After watching Erkenci Kuş, the Turkish romantic comedy that has won the hearts of millions worldwide, I couldn’t stop myself from watching other shows of Can Yaman. (Yaman is the male lead of Erkenci Kuş). So, Dolunay (meaning Full Moon), starring Can Yaman and Özge Gürel in the lead roles, was my next stop. The series is also called as Bitter Sweet.
Dolunay revolves around Nazlı (Özge Gürel), an amateur cook and Ferit Aslan (Can Yaman), a young, successful, handsome, and organized businessman. Nazlı needs a job immediately to pay the rent of her apartment that she shares with her sister and her best friend. She accepts the proposal to work in Ferit’s house as his private cook upon her professor’s recommendation.
At the same time, she meets Deniz, whom Ferit treats as his younger brother, and becomes fast friends with him. Deniz soon falls in love with Nazlı, but she doesn’t reciprocate his feelings. The relationship between these three gets even more complicated after Ferit proceeds to take custody of his nephew, Bulut, following his parents’ death. This is obstructed by Bulut’s aunt, Demet and her husband, Hakan who simply want to exploit the child for their nefarious gains.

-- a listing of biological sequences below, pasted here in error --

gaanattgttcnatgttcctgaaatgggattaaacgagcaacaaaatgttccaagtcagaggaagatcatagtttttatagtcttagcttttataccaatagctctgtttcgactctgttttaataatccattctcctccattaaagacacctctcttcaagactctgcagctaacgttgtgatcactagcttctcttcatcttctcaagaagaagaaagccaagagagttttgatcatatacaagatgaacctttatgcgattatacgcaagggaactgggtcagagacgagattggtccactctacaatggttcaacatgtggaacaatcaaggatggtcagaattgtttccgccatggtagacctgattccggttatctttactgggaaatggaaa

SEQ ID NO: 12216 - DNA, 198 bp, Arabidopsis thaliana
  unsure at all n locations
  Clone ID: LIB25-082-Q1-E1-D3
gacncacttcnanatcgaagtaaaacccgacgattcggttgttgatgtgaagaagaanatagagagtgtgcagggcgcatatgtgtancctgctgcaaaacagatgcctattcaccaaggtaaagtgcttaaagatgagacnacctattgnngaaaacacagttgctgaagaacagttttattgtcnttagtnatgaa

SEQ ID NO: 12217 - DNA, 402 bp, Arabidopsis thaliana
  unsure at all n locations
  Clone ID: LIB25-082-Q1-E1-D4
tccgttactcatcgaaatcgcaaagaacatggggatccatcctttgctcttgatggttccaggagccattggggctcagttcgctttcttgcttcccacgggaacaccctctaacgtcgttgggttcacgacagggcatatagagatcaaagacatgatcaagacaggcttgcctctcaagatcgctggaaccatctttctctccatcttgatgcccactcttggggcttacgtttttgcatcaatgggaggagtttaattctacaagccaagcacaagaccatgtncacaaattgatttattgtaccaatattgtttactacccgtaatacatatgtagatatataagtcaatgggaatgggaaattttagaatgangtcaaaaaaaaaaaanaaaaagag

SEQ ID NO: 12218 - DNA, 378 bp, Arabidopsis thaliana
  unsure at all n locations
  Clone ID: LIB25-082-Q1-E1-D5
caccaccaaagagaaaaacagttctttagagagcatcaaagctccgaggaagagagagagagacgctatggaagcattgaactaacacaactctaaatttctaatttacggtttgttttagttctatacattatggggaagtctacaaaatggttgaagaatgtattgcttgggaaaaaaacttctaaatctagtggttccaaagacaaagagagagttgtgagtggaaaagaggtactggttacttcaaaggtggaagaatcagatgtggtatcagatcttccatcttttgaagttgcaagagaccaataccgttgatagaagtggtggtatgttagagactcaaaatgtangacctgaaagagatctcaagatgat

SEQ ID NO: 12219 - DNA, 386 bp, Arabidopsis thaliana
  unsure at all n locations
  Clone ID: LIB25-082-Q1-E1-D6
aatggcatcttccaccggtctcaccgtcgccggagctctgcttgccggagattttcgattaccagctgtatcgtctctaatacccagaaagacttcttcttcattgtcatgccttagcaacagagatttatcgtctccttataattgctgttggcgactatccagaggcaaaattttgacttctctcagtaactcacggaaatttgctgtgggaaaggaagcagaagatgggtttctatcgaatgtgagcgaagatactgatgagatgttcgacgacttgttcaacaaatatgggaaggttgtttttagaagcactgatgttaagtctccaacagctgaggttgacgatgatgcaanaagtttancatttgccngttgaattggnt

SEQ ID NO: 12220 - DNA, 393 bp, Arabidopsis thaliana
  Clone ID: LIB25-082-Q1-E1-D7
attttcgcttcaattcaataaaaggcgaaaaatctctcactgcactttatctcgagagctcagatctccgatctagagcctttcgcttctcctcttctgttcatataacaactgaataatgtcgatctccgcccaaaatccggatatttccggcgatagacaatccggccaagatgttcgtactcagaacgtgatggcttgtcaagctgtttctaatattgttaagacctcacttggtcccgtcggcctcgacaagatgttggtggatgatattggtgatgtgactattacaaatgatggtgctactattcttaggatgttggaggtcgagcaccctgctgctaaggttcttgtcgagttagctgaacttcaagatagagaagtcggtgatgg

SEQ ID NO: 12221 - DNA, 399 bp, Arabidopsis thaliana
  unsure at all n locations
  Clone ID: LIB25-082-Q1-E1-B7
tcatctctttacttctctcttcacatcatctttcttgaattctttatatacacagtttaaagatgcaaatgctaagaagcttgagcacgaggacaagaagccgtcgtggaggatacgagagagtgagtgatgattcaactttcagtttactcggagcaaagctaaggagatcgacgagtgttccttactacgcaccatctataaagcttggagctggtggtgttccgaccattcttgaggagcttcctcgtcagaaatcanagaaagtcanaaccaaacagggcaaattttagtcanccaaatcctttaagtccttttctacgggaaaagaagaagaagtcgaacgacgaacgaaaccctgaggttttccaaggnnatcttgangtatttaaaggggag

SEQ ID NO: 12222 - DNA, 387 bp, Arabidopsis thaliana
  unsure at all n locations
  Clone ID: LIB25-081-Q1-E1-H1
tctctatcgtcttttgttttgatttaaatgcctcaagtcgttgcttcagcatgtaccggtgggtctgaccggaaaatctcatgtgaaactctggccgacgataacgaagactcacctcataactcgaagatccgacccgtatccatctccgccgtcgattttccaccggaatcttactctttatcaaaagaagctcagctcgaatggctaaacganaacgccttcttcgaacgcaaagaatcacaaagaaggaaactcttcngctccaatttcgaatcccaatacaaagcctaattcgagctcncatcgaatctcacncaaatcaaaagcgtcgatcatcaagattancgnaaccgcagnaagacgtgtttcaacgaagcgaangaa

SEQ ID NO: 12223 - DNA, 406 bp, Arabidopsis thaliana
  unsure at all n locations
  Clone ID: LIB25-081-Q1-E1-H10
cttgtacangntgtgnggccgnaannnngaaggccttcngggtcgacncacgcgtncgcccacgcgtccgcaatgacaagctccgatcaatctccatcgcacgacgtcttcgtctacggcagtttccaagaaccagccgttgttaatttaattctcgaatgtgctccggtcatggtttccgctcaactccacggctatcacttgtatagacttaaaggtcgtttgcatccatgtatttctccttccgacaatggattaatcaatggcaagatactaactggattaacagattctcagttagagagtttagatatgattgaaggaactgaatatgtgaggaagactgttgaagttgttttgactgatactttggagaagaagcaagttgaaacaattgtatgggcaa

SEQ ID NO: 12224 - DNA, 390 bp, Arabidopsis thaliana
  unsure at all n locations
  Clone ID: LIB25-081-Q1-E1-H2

Meryl, a Vietnam war widow, feels forlorn as her son has moved to Japan, and her aged father has remarried. A WWII Japanese flag, the last message of its bearer scribbled on it in his blood dried long ago, falls into her hands. She wants to return the flag to the soldier’s family but is reluctant to step out of her world.
After a gentle nudge from a love-struck professor and a not-so-subtle push from her father and cousin, she sets out to return the flag to where it belongs—Japan. Along the way, she meets many people – all of whom help her in reaching her destination one step closer while also helping her find herself.
Stella is a thirty-something, rich, single, autistic woman, and a data geek. She has the amazing superpower of crunching data to provide fascinating insights into customers’ buying behavior.
However, she hasn’t had any success in relationships.
She devises a brilliant idea. Why not practice with a professional who can teach her how to be a seductress. So, she hires Michael, a part Vietnamese, part Swedish male escort who can’t turn down Stella’s offer. Voila! A romance novel is born. Ahem! Love takes root.
The Kiss Quotient by Helen Hoang is a refreshingly unique take on the girl-meets-boy tale, making this more than just a superficial love story or erotica. Sure, there are titillating parts, but it also features a romance that tugs at your heartstrings. The story is remarkable and the execution phenomenal.